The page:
Opponents of the Big Wind project failed on Tuesday to derail legislation that would make it easier to build large-scale wind farms on Lanai and Molokai and transmit the electricity to Oahu.
Rep. Cynthia Thielen and Rep. Gil Riviere tried to insert language into Senate Bill 2785 that excluded the two islands from legislation that would facilitate financing for undersea cables between islands.
Last year, similar legislation that focused on the Big Wind project failed to pass amid heated opposition to the proposed wind farms on Lanai and Molokai. This year, the bill’s supporters have tried to distance the measure from the project by stressing that the legislation is not specific to any island or renewable energy project and not a rubber stamp for Big Wind.
“This bill has nothing to do with any renewable energy project,” said Rep. Denny Coffman, chair of the House Energy and Environmental Protection Committee, while defending the bill on Tuesday during a floor vote.
The state energy office and Hawaiian Electric Co., the state’s main electric utility company, are also exploring the development of geothermal and wind energy on Maui and the Big Island for export to Oahu. Without a statewide electric grid, they say, Hawaii won’t be able to meet its renewable energy goals.
But Thielen and Riviere weren’t buying the argument that the bill wasn’t aimed at directly facilitating the controversial wind farms.
“If we’re not going to be pointing the gun at the islands of Lanai and Molokai to be our industrial wasteland to provide power to Oahu, let’s say it up front,” Thielen told fellow House members.
Riviere echoed Thielen’s concerns, arguing that the measure was important to ensure that the feelings of Molokai and Lanai residents weren’t overstepped.
“I disagree with the premise that we need to go to an island and extrapolate power against the wishes of the people of that island,” he said. “It just seems very imperialistic.”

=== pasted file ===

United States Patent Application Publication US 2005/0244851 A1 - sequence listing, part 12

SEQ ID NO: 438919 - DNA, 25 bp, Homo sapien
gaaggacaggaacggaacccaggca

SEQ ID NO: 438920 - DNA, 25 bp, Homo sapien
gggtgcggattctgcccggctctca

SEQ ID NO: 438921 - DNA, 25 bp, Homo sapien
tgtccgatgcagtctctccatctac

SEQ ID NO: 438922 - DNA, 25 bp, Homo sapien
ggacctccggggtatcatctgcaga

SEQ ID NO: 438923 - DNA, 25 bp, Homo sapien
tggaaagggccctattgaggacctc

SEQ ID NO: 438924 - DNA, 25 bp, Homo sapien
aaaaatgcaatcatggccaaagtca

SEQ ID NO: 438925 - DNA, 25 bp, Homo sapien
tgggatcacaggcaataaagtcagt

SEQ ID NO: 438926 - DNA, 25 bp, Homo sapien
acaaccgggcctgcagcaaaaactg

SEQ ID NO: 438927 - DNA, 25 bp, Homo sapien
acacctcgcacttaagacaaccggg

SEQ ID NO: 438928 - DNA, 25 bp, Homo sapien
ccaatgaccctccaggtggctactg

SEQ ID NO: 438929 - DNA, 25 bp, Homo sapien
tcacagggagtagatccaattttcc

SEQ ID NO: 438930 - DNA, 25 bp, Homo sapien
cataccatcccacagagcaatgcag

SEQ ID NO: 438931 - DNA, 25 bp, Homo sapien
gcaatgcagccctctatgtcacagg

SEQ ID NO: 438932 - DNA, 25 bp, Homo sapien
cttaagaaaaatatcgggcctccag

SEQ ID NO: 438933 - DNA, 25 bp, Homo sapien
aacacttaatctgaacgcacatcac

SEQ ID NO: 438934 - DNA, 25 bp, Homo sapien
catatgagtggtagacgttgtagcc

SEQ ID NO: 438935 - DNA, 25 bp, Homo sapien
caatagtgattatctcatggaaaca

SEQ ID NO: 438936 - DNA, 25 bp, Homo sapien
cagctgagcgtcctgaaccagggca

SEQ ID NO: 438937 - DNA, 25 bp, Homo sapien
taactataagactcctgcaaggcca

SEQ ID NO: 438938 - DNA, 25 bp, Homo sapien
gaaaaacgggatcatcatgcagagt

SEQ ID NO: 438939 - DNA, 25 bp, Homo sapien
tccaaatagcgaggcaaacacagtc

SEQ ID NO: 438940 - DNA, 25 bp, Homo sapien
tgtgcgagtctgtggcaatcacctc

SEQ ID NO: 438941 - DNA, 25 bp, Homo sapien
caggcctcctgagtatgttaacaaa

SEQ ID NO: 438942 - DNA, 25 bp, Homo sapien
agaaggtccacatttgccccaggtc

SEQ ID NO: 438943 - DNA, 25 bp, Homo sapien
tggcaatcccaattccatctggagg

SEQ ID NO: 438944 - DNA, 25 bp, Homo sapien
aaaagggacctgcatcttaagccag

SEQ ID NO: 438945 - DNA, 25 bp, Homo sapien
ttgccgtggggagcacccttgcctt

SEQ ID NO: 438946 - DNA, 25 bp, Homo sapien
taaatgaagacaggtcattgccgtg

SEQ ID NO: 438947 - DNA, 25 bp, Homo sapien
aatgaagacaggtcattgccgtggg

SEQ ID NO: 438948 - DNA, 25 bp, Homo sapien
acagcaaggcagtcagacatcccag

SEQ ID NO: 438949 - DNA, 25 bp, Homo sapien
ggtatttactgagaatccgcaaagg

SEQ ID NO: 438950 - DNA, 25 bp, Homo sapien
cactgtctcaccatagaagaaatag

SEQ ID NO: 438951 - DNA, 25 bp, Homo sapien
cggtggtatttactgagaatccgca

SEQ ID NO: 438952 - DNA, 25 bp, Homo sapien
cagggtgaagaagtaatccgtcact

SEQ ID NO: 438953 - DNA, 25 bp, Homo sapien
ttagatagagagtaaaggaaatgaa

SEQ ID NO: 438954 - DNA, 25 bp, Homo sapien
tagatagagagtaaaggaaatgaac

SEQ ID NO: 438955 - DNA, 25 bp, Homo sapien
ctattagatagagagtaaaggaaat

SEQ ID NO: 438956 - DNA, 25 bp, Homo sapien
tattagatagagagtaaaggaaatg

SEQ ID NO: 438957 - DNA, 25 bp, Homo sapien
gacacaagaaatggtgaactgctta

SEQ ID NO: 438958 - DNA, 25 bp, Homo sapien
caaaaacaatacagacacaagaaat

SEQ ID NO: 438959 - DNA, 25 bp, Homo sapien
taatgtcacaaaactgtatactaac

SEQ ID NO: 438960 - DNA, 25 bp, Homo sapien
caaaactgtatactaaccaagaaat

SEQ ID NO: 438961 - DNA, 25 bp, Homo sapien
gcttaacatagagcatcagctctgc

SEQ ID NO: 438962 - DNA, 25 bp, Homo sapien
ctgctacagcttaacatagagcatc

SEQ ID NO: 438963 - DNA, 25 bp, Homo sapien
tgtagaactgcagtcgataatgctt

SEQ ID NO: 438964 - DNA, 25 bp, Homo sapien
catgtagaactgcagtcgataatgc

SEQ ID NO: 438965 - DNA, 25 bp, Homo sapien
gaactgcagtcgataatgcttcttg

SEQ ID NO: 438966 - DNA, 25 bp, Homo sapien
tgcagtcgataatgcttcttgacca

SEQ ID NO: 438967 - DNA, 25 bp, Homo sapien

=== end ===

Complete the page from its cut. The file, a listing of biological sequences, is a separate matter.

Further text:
But the amendment was defeated and the House passed the bill in a 45 – 6 vote. Thielen and Riviere were joined by fellow Republicans, Gene Ward and Barbara Marumoto, in opposing the bill. Democratic representatives, Faye Hanohano and Jessica Wooley, also voted against the measure.
This was not the first time that lawmakers inserted language into the bill aimed at driving the state’s energy policy away from the Big Wind project, which in the past has been hailed as the cornerstone of Hawaii’s Clean Energy Initiative. Earlier this year, senators inserted a clause into the bill saying that, “Nothing in this Act is intended to require the construction of an interisland cable from the islands of Molokai or Lanai to Oahu unless the communities affirmatively request an interisland cable.”
But the language was struck last month when Gov. Neil Abercrombie successfully convinced lawmakers to remove the clause that gave Molokai and Lanai an “opt out” of the bill. The governor questioned whether the amendment was enforceable.
An amendment that failed Tuesday said that the law would not apply to islands with a population of 50,000 people or less.
Senate Bill 2785 will now go to conference committee where differences will be worked out. If that’s accomplished, it will go back to a vote of both chambers and then to the governor.
While the legislation failed to make it out of conference committee last year, Abercrombie’s strong backing is expected to help drive it through. The governor has made the cable bill a centerpiece of his legislative package this year.
The Abercrombie administration has been non-committal recently about its support for the Lanai and Molokai wind farms. While the governor threatened to take over Molokai property last year when its owners stood in the way of the project, Abercrombie has also said that his support for the project depends on community acceptance.
Lt. Gov. Brian Schatz told Civil Beat last month that the administration still thought Big Wind was a viable project.
But “we’re not going to bang our heads against the wall either,” he said.
Currently, Castle & Cooke, which owns Lanai, has an agreement with Hawaiian Electric Co. to build the wind farm on Lanai. However, the Molokai portion of the project has been put out to bid and companies proposing projects on other islands are expected to bid.
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